GLENDALE, ARIZ. – Tom Brady, Bill Belichick and the New England Patriots might or might not have purposely deflated footballs in the AFC Championship Game, but they sure as heck inflated their legacies in a wild come-from-behind fourth-quarter victory in Super Bowl XLIX.
On the same field where Giants receiver David Tyree made his famous catch to help derail New England’s perfect season seven years ago, the Patriots this time survived an even more unbelievable catch in the closing seconds to unseat the defending champion Seattle Seahawks 28-24 at University of Phoenix Stadium on Sunday night.
“We just keep fighting, and that’s why we’re the only dynasty in the NFL,” said Patriots cornerback Devin McCourty, a reference to the Seahawks’ quest to win a second straight Super Bowl with a defense that has ranked No. 1 in scoring the past three years and destroyed Peyton Manning and the Broncos 43-8 in last year’s Super Bowl.
Brady, the MVP in his record-tying fourth Super Bowl victory in the past 14 seasons, led the Patriots back from a 10-point fourth quarter deficit. After 17 straight Seattle points, Brady’s offense put up 14 unanswered points. He went 8-for-8 for 63 yards and the go-ahead 3-yard touchdown pass to Julian Edelman with 2 minutes, 2 seconds left.
Then he waited nervously on the sideline as Belichick’s defense clung desperately to the lead through a Tyree-esque déjà vu moment before making a clinching interception at the goal line with 20 seconds left.
On first-and-10 from the New England 38-yard line, Seahawks quarterback Russell Wilson launched a high-arcing pass down the right sideline. Rookie defensive back Malcolm Butler leaped high in front of receiver Jermaine Kearse. Butler got a hand on the ball, but it proceeded to rattle off the falling Kearse’s legs and hands before Kearse finally plucked it out of the air at the Patriots 5.
But after a 4-yard run by Marshawn Lynch put the ball at the 1 with less than a minute to go, Seahawks coach Pete Carroll amazingly went away from Seattle’s “Beast Mode” running back and attempted a slant pass to Ricardo Lockette on the goal line with players packed tightly in the box. Butler read the play, jumped the quick route and made the interception.
“With the throw, one thing you’re thinking is going to happen is it’s going to be incomplete or it’s going to be touchdown,” said Seahawks offensive coordinator Darrell Bevell, who formerly held that role with the Vikings. “Either way, we have a chance to stop the clock there, save our timeout, and we could still end up getting all four of our downs.”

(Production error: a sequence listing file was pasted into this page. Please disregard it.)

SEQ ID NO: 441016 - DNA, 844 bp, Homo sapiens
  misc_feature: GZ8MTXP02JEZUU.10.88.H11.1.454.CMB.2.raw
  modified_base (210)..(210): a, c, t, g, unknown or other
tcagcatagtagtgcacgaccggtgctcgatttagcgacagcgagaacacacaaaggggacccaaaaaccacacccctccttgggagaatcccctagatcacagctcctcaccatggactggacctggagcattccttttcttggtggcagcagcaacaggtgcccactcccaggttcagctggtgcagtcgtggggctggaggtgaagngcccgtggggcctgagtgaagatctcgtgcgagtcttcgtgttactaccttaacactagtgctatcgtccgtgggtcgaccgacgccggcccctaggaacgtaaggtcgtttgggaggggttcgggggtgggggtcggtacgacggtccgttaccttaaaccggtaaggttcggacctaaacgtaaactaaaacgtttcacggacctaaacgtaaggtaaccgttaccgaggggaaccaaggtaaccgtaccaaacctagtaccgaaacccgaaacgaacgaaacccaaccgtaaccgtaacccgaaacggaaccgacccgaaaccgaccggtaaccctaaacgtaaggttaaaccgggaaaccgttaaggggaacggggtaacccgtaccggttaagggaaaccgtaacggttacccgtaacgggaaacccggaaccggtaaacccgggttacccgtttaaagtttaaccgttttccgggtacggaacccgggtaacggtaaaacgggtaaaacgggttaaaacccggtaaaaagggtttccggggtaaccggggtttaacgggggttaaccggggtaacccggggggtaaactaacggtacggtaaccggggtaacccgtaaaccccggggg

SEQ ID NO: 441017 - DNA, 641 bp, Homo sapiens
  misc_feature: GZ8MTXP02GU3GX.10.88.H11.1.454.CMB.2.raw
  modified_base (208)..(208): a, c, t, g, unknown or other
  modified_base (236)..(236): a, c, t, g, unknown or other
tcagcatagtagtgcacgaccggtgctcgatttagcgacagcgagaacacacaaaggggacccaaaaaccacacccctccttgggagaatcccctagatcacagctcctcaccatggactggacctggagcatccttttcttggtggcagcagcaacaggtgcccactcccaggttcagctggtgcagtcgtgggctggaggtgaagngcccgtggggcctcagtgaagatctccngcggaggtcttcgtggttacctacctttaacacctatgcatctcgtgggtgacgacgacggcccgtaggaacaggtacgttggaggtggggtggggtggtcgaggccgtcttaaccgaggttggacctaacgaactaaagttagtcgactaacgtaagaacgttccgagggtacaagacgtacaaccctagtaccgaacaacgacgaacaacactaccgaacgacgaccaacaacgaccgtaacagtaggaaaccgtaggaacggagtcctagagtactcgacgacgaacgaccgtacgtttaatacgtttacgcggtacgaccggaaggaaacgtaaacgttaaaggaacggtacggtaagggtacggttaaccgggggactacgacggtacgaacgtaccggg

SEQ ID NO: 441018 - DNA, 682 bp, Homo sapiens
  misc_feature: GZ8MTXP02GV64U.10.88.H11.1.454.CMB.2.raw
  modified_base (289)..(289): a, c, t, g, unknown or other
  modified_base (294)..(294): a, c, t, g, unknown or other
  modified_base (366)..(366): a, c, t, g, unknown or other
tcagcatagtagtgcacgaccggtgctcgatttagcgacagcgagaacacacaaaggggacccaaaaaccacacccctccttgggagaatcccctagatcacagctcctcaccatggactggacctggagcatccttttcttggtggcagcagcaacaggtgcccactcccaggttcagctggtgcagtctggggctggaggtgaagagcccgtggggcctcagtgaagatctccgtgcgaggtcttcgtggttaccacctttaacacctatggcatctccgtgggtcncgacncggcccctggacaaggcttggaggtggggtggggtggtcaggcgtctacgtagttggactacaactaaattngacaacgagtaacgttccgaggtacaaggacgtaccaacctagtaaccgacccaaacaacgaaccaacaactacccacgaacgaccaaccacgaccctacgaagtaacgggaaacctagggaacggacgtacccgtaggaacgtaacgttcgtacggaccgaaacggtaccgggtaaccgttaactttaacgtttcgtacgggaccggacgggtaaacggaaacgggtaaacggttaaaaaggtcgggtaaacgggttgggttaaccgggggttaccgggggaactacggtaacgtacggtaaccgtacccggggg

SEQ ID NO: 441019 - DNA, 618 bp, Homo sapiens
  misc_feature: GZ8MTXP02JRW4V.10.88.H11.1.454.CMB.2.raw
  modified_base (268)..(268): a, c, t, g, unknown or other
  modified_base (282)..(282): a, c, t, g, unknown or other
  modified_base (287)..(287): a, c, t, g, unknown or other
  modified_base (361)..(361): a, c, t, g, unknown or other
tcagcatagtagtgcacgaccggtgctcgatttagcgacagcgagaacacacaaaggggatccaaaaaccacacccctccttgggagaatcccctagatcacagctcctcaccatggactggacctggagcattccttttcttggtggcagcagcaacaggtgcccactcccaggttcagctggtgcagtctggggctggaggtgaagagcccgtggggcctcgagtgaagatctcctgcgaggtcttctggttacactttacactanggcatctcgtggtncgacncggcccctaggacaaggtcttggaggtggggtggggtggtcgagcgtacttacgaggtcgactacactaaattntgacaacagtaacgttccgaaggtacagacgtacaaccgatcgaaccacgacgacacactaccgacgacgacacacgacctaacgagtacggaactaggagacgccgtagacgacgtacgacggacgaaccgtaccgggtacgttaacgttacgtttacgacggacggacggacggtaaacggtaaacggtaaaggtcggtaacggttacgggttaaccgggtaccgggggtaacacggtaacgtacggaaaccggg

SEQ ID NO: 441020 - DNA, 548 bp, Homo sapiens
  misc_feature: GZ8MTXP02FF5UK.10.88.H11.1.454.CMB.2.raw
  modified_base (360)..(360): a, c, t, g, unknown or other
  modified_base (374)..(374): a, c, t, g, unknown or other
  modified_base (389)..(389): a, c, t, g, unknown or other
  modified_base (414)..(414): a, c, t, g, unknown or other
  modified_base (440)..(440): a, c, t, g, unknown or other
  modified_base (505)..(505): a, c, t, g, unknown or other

Wilson tried to remain upbeat after his costly turnover and an emotional loss that included linebacker Bruce Irvin being ejected for inciting an ugly brawl in the final 20 seconds.
“I don’t question the call,” Wilson said. “We’ve done it before. You have to credit the Patriots and Tom for what he’s done. I want to be like that one day. I just keep working and our team just keeps working. I think we’re in a great situation. I expect us to be back here and to win.”
Brady completed a Super Bowl-record 37 of 50 passes for 328 yards and four touchdowns while having to overcome two ugly interceptions. He tied boyhood idol Joe Montana and Terry Bradshaw for most Super Bowl wins by a quarterback (four). He also tied Montana in Super Bowl MVPs (three) and moved past Montana in Super Bowl touchdown passes (13-11).
Asked if he’s thought about where his legacy fits in NFL history, Brady made it clear that he’s more concerned about pursuing a fifth trophy.
“No,” said the 15-year veteran. “I’ve got a lot of football left.”
Belichick, meanwhile, tied Don Shula for most Super Bowls as a head coach and Chuck Noll for most victories (four).
“Tom’s the best ever,” Edelman said. “And he and Bill are the best coach-quarterback team ever. I’m a big Joe Montana fan. Love him to death. But they didn’t have a salary cap back then. He had some great players around him. Tom’s won four with the salary cap. It’s hard to argue against that.”
Wilson’s record against Super Bowl-winning quarterbacks fell to 10-1 as he completed only 12 of 21 passes.
Meanwhile, Brady and the Patriots managed to put the “Deflategate” distractions aside well enough to win another exciting Super Bowl. All six of Belichick’s Super Bowls have been decided by three or four points.
“It’s been a long journey,” Brady said. “It’s just a great win.”
Asked what the key was to the whole week and the win was, Brady offered just two words that probably sum up the dynastic “Patriot Way”: